Name: Sawyer Carroll
DOB: May 9, 1986
Selected in the third-round of the 2008 draft, Carroll was immediately assigned to short-season Eugene.
Six hits in his first two games began the assault, and he didn't let up. Carroll hit .299 across 46 games with 25 extra-base hits, including eight homers. He scored 41 times and notched 39 RBI. Carroll also drew 32 walks compared to 48 strikeouts for a .403 on-base percentage.
Of his 53 hits, 47.2 percent went for extra bases and 13 came with runners on base – where he batted .341. Carroll was 5-for-9 with the bases loaded and recorded 15 multi-hit games.
A left-handed hitter, Carroll batted .340 off southpaws and .282 off righties. He was also a much better hitter away from home where he batted .386 – compared to the .213 mark he had at Civic Stadium.
The Kentucky alumnus was second in the league with a .951 OPS and second with a .249 ISO (Isolated Power). Carroll also placed second with a .437 wOBA (weighted On Base Average) and his 15.5 wRAA (weighted Runs Above Average based off wOBA) placed him fourth – despite playing in far less games than most players in the league.
The Oklahoma native was promoted at a time when he led the Northwest League in extra base hits and slugging percentage. He ended the season second in slugging and eight off the pace of the league leader in extra base hits.
Carroll played in 18 games with Fort Wayne, hitting .219 while striking out 19 times compared to five walks. He began his full-season tenure with two hits across his first 21 at-bats before hitting .279 the rest of the way. Three of his 14 hits went for extra bases.
"He actually had a tough schedule," Fort Wayne hitting coach Tom Tornicasa said of Carroll's 2008 debut with Fort Wayne. "We were facing Lansing and 10 out of the 13 pitchers they had were left-handed. Some of those guys had great stuff. He (A left-handed batter) didn't really get a fair shake.
"We went over some of the things that he had to work on while he was here. He worked hard over the winter to accomplish those changes and looked great in spring. He started off well here and had a good idea of what he needed to do. We stayed on track with that and polished some things up along the way. He did a real nice job from start to finish."
Fort Wayne was the beginning of a three-league tour during 2009, pushed because of age and performance. Carroll spent 66 games with the TinCaps, hitting .316 with 26 extra-base hits, 43 runs scored and 40 RBI. He also drew 40 walks compared to 57 strikeouts for a .410 on-base percentage. He was named to the Midwest League All-Star team and went 4-for-4 with a pair of stolen bases, earning MVP honors. He also hit .384 with runners in scoring position.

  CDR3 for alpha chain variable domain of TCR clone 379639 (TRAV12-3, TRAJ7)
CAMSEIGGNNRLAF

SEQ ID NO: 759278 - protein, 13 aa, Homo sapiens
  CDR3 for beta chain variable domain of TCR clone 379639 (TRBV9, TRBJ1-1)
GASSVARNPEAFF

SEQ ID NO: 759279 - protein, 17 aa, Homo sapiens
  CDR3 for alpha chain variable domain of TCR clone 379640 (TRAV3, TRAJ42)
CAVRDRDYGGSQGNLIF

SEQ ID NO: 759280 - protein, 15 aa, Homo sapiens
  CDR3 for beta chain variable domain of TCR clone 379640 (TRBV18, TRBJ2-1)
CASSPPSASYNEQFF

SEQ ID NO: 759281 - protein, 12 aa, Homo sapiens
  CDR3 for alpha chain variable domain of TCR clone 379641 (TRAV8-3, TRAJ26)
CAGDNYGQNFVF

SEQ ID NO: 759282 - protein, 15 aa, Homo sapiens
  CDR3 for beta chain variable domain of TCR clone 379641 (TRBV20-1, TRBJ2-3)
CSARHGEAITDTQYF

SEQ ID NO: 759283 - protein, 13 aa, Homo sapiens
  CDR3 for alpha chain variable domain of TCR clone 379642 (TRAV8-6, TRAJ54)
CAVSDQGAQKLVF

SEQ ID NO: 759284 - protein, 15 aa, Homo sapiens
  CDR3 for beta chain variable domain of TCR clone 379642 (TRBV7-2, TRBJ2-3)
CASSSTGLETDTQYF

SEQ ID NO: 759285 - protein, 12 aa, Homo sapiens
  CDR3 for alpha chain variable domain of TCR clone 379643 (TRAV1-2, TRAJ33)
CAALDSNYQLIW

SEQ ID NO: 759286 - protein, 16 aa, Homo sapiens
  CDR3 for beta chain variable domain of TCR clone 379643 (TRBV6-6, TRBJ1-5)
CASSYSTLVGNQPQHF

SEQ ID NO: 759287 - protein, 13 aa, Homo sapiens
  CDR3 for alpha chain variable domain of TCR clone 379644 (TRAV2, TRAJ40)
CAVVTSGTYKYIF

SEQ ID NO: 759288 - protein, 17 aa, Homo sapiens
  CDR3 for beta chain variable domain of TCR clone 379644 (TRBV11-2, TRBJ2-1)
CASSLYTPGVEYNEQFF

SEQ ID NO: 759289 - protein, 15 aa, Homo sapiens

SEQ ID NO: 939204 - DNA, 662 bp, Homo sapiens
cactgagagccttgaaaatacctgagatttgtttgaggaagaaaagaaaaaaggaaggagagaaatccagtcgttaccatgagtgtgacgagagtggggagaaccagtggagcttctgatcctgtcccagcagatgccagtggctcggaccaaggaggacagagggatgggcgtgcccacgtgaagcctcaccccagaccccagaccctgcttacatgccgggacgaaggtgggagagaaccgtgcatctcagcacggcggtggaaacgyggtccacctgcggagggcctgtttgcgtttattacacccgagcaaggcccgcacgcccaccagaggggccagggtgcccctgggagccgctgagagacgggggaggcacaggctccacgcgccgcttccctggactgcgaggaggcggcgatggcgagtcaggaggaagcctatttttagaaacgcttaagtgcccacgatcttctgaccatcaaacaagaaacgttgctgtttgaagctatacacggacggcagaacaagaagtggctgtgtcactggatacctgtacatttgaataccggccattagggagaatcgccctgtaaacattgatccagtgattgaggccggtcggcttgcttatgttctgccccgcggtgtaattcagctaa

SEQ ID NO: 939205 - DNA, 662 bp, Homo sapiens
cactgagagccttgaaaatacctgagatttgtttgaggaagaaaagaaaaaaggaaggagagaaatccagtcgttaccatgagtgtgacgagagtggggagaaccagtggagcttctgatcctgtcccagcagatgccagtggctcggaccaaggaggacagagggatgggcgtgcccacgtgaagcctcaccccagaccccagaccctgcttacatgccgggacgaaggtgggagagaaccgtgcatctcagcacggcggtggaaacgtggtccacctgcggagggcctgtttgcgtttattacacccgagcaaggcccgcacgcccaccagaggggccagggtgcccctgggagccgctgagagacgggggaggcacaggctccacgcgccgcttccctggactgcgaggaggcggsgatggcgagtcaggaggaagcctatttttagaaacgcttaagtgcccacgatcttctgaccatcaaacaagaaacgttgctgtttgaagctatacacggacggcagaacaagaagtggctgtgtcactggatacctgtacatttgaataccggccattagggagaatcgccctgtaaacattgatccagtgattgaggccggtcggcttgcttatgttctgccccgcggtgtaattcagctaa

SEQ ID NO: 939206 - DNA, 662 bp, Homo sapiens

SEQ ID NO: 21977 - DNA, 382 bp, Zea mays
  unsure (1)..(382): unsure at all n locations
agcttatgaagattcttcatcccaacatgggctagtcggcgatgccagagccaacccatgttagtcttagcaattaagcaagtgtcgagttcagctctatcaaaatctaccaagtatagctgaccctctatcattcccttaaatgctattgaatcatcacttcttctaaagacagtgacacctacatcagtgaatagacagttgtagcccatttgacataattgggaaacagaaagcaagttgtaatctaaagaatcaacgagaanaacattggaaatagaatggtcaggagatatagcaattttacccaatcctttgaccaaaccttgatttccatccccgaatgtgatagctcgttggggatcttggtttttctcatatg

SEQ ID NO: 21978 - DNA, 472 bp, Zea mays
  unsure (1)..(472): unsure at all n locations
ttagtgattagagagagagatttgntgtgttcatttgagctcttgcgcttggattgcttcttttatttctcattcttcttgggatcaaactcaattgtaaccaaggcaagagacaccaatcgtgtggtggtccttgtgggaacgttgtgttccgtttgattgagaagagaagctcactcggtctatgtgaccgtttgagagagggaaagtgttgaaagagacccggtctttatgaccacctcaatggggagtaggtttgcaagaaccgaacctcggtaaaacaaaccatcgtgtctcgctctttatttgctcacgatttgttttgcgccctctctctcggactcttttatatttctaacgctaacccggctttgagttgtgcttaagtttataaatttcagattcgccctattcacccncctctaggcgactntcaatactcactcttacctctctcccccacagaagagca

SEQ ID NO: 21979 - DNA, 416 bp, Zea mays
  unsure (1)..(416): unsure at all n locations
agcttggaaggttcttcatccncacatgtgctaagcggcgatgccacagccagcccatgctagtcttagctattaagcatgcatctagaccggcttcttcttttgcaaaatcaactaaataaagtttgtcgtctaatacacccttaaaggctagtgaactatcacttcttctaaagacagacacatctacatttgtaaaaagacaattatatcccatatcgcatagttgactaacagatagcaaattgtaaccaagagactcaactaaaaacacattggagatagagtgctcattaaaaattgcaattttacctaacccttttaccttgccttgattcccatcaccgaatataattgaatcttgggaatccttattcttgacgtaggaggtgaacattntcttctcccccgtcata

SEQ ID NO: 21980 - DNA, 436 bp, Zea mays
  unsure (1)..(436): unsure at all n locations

Lake Elsinore saw him for just 37 games. He hit .320 over that span with 22 extra-base hits, driving in 42 while scoring 28 runs. He topped the .400 mark (.402) in on-base percentage and hit .422 with runners in scoring position.
"To me he is a baseball player," Lake Elsinore manager Carlos Lezcano said. "He came in here and had like 40-some RBI in 30-some games. He's a good RBI guy, number three hitter for me. He's a good outfielder, an average runner, looks to me like a Will Clark body. To me he's a good prospect. He should play in the big leagues some day if he keeps going the way he's going. I like the way he plays."
Carroll finished the campaign in San Antonio, hitting .317 over a 28-game span with nine extra-base hits. His 18-to-16 walk-to-strikeout ratio resulted in a .440 on-base percentage.
For the year, Carroll notched 96 RBI and 88 runs scored while hitting .317 across three levels – an amazing year that was done quietly.
"This guy's essentially fearless, I mean, he had the confidence that is not cocky," former San Antonio and current Portland manager Terry Kennedy said. "He hit at every level. He had .317 in the short time with us. And he was second in the organization with 96 RBI. So, he did it at every level, did it for us. He played a good outfield, he's got a good arm and is an average runner for speed, but he's a pretty good base runner, pretty smart.
"I think he'll have to go back there to start but he did a really good job. It was a nice pick for us, and he has the kind of attitude that will enable him to keep improving and get to where we want him to be."
Carroll's strength is in his opposite field approach – something that took huge strides in 2009. He has a master of taking the ball where it is pitch and delivering it to all parts of the field. His plate coverage is excellent, as he goes with an outside pitch to left field and pulls balls on the inner half.
"Sawyer really grinds it out," former Fort Wayne and current San Antonio manager Doug Dascenzo said. "He loves to play the game of baseball. Hard-nosed, leads by example. He turned on the power numbers as well, turning on a couple of balls and hitting them way out. He has the ability to hit the ball the other way, which is always nice to see."
The universal belief is that Carroll will show more power in the coming years. In lieu of power this season, he worked on the parts of his game that needed assistance – like using the whole field. He has an uppercut in his swing that should generate higher power numbers in the coming years.